14 June 2006

What I think of X Playpen



X is a really powerful symbol. To explore some of what an X can do, you can try this exercise: draw a stick man, and instead of using dots for eyes on a stick man, you can give him Xs. And presto! Weather the little stick man is dead, drunk, or beaten unconscious, those Xs means trouble.

Simply put, X is a negation, and this associated meaning is so strong that an artist has to be careful how it is used. Imagine if Gober applied the X to the playpen in a different way:


This use isn’t clever at all, provokes no thought, and communicates something else entirely. To X out a picture of a playpen is very different than to make the pen itself impossible, or inhospitable. What kid would want to be put in Gober’s pen? What kind of adult would think it was a good idea anyway? More than anything else, his playpen seems to be saying “Kids not welcome”. And I think it is great that Gober used the tools of a child’s existence to communicate that message. I like this contrast, because it shows the power of even banal, over-used symbols.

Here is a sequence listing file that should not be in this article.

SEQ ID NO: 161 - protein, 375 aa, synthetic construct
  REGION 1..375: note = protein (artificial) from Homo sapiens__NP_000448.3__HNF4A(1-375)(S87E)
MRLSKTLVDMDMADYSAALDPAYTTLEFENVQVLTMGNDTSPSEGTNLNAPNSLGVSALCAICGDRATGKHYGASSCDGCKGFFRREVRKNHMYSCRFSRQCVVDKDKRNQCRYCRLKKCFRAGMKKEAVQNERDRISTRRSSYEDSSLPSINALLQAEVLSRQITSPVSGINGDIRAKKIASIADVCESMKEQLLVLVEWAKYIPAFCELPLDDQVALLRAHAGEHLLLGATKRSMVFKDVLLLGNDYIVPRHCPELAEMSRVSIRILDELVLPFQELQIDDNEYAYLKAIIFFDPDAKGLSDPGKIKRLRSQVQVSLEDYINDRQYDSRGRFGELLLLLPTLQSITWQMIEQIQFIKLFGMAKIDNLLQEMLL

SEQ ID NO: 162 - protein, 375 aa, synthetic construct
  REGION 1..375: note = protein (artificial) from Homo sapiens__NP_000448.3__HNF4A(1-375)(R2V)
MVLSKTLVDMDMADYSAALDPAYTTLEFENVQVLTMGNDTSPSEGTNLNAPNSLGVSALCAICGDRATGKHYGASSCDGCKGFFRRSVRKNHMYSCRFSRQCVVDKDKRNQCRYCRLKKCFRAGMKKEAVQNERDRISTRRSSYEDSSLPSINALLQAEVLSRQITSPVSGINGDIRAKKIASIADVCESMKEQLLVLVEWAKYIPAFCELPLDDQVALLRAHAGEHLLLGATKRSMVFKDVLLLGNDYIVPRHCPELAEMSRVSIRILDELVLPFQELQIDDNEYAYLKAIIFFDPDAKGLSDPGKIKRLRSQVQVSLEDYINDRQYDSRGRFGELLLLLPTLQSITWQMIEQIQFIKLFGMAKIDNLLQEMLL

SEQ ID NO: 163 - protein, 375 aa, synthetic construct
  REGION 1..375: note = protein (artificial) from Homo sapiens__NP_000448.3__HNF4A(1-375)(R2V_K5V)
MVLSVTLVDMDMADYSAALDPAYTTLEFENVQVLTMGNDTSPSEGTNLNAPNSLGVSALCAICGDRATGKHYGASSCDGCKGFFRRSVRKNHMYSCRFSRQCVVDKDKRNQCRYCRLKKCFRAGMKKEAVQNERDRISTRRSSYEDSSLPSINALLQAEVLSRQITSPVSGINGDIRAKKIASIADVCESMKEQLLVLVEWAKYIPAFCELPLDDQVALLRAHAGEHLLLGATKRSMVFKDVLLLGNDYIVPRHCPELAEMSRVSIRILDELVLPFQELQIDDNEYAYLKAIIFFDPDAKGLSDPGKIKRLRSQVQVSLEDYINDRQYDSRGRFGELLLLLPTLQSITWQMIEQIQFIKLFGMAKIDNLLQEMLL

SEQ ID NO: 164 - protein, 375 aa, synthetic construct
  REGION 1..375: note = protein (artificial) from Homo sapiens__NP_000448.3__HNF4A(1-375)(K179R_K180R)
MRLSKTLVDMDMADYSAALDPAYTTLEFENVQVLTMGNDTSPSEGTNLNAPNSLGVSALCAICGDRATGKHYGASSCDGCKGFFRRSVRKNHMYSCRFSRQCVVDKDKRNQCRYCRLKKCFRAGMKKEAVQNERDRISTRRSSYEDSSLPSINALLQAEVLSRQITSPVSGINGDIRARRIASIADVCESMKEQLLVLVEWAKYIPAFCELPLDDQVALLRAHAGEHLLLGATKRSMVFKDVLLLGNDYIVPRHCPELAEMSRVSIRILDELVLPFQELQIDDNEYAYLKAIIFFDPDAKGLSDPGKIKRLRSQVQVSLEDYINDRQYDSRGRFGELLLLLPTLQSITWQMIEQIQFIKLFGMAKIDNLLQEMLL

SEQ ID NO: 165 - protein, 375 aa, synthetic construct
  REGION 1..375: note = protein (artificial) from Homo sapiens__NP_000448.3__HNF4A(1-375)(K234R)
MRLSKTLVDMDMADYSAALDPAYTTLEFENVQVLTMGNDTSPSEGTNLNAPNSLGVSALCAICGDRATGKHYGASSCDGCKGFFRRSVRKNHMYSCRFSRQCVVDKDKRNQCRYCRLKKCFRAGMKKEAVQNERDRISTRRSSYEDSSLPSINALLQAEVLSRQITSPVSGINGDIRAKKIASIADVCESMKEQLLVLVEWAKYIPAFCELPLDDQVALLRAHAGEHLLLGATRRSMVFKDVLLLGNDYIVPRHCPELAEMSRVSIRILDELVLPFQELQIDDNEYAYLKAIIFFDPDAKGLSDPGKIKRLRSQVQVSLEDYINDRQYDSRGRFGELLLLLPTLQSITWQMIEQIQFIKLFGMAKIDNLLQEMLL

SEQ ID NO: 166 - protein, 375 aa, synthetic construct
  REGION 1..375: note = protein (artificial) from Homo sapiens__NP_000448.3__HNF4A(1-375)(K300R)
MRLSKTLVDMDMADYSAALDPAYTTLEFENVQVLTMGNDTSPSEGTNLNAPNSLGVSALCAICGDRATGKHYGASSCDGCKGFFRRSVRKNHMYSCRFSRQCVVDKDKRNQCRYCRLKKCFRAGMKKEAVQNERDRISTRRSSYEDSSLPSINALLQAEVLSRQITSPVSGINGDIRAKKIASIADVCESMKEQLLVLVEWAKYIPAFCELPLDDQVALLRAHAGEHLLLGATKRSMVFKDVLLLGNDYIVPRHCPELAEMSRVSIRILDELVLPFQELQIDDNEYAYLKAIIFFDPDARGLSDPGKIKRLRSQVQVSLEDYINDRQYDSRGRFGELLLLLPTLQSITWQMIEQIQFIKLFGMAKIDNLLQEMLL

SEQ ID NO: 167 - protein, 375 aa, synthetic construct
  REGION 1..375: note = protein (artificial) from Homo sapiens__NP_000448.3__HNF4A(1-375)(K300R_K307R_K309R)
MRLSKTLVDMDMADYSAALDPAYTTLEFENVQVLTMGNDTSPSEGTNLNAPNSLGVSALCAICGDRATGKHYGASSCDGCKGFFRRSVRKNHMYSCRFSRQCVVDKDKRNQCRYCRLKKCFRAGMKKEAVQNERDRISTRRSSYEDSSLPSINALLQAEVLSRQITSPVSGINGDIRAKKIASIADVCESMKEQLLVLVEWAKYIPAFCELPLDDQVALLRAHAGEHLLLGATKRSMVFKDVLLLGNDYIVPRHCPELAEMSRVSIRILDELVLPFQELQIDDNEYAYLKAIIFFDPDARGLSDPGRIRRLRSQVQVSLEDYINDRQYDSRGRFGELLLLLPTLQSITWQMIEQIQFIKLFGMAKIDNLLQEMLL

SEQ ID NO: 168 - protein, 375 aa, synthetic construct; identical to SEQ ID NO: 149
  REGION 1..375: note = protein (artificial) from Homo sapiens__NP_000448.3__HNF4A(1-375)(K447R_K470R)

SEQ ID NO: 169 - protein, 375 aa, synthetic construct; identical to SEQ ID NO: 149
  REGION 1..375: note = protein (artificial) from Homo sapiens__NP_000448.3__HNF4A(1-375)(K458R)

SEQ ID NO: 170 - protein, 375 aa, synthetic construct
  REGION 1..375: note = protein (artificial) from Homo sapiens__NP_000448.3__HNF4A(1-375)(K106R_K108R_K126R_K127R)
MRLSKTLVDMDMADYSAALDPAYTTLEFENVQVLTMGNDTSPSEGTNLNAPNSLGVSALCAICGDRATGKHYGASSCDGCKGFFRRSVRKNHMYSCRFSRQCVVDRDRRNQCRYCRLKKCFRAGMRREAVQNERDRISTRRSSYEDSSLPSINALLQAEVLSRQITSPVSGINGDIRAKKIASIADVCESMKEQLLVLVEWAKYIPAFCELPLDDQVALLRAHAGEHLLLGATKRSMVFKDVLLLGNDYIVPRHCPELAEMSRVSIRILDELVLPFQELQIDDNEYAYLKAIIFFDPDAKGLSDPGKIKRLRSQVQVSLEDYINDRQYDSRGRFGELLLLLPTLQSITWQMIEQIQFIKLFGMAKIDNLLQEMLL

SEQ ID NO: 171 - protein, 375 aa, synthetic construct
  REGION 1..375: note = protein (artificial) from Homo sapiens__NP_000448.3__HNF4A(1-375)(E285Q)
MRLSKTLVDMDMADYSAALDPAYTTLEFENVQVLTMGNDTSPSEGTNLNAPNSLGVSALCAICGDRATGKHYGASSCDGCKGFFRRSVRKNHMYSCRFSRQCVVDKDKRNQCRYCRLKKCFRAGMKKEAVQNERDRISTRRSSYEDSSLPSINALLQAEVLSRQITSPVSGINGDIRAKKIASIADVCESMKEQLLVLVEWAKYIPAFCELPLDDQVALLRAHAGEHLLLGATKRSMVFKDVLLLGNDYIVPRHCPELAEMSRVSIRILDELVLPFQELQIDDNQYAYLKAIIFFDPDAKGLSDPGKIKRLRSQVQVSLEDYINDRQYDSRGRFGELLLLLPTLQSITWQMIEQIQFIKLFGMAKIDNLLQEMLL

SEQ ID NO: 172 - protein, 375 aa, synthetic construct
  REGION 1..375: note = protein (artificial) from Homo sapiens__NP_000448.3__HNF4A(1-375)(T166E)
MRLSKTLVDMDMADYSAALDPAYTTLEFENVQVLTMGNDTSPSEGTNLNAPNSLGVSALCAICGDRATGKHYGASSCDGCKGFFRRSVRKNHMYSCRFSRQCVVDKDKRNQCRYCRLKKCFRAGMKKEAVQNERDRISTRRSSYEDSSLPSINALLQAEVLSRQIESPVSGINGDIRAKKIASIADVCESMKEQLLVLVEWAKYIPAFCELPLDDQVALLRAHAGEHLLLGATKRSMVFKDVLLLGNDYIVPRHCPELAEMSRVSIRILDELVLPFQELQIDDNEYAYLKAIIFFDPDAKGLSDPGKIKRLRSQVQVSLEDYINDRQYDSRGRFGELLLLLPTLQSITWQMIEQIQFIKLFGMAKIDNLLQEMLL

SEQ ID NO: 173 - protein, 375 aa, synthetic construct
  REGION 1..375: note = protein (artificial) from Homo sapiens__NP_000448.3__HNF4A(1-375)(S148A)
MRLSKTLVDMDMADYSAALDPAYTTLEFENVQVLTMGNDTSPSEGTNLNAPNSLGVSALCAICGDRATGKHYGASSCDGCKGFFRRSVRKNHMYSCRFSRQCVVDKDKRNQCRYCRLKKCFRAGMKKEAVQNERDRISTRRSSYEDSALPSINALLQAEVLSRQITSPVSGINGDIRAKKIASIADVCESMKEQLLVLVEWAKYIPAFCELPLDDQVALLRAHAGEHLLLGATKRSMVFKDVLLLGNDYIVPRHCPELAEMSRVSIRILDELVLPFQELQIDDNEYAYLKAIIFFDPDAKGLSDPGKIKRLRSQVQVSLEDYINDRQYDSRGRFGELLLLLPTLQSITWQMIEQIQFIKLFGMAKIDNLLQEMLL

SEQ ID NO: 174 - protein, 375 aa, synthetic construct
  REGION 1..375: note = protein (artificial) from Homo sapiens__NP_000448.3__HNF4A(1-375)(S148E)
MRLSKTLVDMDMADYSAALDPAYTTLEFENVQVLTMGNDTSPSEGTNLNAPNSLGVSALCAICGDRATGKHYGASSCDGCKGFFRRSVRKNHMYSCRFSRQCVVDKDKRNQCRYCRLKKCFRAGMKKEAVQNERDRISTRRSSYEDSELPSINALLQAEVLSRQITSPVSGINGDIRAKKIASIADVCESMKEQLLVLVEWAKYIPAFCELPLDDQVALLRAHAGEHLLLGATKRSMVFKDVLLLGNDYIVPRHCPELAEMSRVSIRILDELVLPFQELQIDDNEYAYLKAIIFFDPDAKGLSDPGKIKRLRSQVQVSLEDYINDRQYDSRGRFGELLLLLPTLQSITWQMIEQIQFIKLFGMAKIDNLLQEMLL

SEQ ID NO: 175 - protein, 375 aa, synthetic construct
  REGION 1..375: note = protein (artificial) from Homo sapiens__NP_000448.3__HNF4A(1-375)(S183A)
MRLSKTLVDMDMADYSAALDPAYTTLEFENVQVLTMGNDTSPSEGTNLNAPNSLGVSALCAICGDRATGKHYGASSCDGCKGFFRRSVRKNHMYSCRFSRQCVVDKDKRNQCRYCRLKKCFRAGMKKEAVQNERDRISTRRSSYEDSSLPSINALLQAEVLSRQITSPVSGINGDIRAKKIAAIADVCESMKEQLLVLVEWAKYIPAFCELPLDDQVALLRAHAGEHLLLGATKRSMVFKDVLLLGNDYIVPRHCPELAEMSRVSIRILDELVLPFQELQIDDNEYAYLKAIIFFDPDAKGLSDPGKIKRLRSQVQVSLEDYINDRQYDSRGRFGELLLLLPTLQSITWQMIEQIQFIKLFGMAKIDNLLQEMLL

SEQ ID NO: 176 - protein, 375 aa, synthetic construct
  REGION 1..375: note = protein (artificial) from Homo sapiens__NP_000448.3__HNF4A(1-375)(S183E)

So, does Gober hate kids? I doubt it. To me, Gober’s playpen indicates an environment in which kids ought to have a place, but where they really don’t belong. I think it is a criticism of the politics and society in which many kids find them selves. The world is what we’ve made it, and we’ve made it a place that is generally not suited to children or their needs.

5 comments:

katperkins said...

Um, yeah. I totally meant to say all that I was just waiting to see if anybody else thought of it too. :)

cris said...

Hmmm...It seems to me as though the artist takes a playpen, a symbol of safety, and turns it into an even more isolated, lonely prison... If you put a child inside the X Playpen, he'll be safe, but he'll also be isolated -- not only from the outside world, but also from the child on the other side of the pen.

Is the child any safer in the smaller space of the X Playpen than he would be in a regular pen? Would we, by extension, be any safer in the world by becoming even more isolated than we already are? The fact that it was created in the mid-late 80's makes me see it in terms of America's role in world...

cris said...

And it just occurred to me that I have no idea if Grober is even an American. I'm proving myself to be quite the ethnocentrist today. :)

Mary Ann said...

That's an interesting idea, cris. I think the kid would be safer in a bigger pen. Kids fall over a lot, and they would hit the bars no matter which direction they fell in Gober's design.

I was thinking that the mid-eighties was a particularly bad time to be a kid in the US. I recall something about Regan cutting school-lunch funding. I don't know though.

Anonymous said...

ketchup is a vegetable...right?